Object Lesson

Illuminated Manuscript

Thanks to a generous campaign donation, LMU now owns a full-size reproduction of The Saint John’s Bible, the first handwritten, hand-illuminated bible created since the advent of the printing press more than 500 years ago.

 

A contemporary interpretation of the religious traditions of the past is giving LMU students unique insights into art, history, theology and faith, thanks to a generous campaign donation. LMU now owns a full-size reproduction of The Saint John’s Bible, the first handwritten, hand-illuminated bible created since the advent of the printing press more than 500 years ago. The Saint John’s Bible, commissioned by Saint John’s Abbey and University in 1998, combines centuries-old techniques with modern themes and images.

Many professors use The Saint John’s Bible in their courses, focusing on topics including the medieval period, the history of the book, art and theology, and art history. Cynthia Becht, head of the Department of Archives and Special Collections, said that The Saint John’s Bible has inspired students during class visits, connecting the students to the past while showing them a creative achievement made in their own lifetime. She also said that the bible is as much a statement about today’s culture and aesthetics as it is an homage to the medieval tradition.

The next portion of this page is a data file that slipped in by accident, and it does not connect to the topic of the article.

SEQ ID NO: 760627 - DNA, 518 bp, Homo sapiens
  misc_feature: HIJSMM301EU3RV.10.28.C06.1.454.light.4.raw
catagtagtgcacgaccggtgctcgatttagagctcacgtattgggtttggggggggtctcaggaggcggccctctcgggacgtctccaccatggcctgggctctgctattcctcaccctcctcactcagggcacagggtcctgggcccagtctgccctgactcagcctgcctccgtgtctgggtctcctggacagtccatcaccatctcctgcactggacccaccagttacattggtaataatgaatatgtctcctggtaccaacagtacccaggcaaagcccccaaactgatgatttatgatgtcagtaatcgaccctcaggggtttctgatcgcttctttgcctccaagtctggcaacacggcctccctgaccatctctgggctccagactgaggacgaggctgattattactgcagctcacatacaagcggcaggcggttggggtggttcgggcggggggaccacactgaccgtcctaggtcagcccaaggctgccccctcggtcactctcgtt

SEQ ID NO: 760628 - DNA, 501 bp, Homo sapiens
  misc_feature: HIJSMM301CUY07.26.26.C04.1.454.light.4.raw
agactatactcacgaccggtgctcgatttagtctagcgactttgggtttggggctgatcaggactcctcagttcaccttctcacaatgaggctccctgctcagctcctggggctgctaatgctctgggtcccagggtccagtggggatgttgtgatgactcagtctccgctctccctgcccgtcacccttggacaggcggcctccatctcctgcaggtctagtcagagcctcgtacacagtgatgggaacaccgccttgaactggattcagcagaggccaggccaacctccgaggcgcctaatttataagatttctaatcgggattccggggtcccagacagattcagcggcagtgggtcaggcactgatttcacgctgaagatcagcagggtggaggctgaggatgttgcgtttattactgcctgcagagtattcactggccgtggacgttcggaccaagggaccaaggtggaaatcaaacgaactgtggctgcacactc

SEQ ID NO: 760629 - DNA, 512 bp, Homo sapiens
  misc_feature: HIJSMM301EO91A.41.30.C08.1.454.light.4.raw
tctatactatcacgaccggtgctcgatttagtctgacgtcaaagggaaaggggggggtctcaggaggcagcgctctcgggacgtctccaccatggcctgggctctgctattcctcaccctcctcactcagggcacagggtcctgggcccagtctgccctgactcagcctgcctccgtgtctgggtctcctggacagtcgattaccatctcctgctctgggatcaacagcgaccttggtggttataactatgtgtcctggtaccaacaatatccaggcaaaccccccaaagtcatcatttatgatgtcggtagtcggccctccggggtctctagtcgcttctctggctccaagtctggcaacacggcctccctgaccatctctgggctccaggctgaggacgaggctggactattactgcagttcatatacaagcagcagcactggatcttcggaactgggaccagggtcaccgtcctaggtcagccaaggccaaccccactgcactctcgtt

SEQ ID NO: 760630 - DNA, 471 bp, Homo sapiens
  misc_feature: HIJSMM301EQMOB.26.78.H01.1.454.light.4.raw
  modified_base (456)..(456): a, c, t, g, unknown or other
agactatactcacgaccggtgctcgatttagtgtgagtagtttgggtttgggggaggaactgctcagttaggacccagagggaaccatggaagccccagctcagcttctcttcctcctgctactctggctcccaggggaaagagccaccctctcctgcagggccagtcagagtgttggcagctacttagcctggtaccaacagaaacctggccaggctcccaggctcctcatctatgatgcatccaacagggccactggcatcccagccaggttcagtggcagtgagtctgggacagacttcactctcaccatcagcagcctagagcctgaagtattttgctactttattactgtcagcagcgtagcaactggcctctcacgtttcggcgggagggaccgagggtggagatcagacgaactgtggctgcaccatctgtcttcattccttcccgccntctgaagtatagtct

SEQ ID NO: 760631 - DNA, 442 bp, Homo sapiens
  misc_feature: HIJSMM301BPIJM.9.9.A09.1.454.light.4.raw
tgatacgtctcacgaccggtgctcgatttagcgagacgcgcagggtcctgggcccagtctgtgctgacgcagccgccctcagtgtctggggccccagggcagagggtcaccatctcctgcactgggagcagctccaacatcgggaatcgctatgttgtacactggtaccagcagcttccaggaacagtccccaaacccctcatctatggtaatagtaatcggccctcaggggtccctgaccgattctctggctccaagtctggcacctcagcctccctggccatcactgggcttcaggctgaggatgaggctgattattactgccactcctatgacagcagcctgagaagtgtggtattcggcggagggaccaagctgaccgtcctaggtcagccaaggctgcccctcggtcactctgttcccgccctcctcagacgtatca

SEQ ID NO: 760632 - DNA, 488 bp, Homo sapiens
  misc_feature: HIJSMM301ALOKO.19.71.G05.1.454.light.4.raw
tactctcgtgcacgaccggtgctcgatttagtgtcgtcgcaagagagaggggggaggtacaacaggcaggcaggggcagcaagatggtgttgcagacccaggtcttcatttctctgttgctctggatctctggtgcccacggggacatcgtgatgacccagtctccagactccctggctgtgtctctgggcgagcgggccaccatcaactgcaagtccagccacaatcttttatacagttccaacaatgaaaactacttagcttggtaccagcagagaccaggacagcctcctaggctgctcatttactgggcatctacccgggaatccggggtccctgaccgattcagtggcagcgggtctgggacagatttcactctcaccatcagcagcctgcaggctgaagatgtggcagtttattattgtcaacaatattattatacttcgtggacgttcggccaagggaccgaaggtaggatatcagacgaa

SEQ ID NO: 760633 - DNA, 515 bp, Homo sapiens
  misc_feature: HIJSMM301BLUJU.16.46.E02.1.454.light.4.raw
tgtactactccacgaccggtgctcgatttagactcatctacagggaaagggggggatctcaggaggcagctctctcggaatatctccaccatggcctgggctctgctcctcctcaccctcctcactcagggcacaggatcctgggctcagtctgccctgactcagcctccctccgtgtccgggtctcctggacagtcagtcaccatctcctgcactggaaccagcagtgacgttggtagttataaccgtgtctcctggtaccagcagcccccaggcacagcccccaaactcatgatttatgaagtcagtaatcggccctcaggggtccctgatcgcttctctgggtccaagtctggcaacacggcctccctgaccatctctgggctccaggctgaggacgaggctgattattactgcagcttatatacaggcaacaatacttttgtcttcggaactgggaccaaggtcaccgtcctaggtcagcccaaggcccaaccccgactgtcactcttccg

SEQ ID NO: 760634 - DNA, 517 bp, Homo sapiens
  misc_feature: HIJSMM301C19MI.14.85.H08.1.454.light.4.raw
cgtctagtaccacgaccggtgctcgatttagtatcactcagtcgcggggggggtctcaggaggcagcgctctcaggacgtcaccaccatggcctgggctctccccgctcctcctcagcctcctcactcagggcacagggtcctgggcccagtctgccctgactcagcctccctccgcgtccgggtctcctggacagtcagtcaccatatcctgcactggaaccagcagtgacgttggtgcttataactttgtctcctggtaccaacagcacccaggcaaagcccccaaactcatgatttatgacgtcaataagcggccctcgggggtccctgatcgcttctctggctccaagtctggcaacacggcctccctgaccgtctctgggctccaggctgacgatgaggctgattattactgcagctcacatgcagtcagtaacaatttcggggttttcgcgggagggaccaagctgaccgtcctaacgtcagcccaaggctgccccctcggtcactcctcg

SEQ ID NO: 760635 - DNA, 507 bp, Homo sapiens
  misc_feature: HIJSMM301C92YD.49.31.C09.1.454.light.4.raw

Laura ’74 and Steven Williamson donated the Heritage Edition of The Saint John’s Bible, a full-size reproduction of the original seven-volume work, during the campaign in honor of Robert B. Lawton, S.J., former president of LMU. The university is the first institution in Southern California to own a copy, which is housed in the William H. Hannon Library.

See Full Issue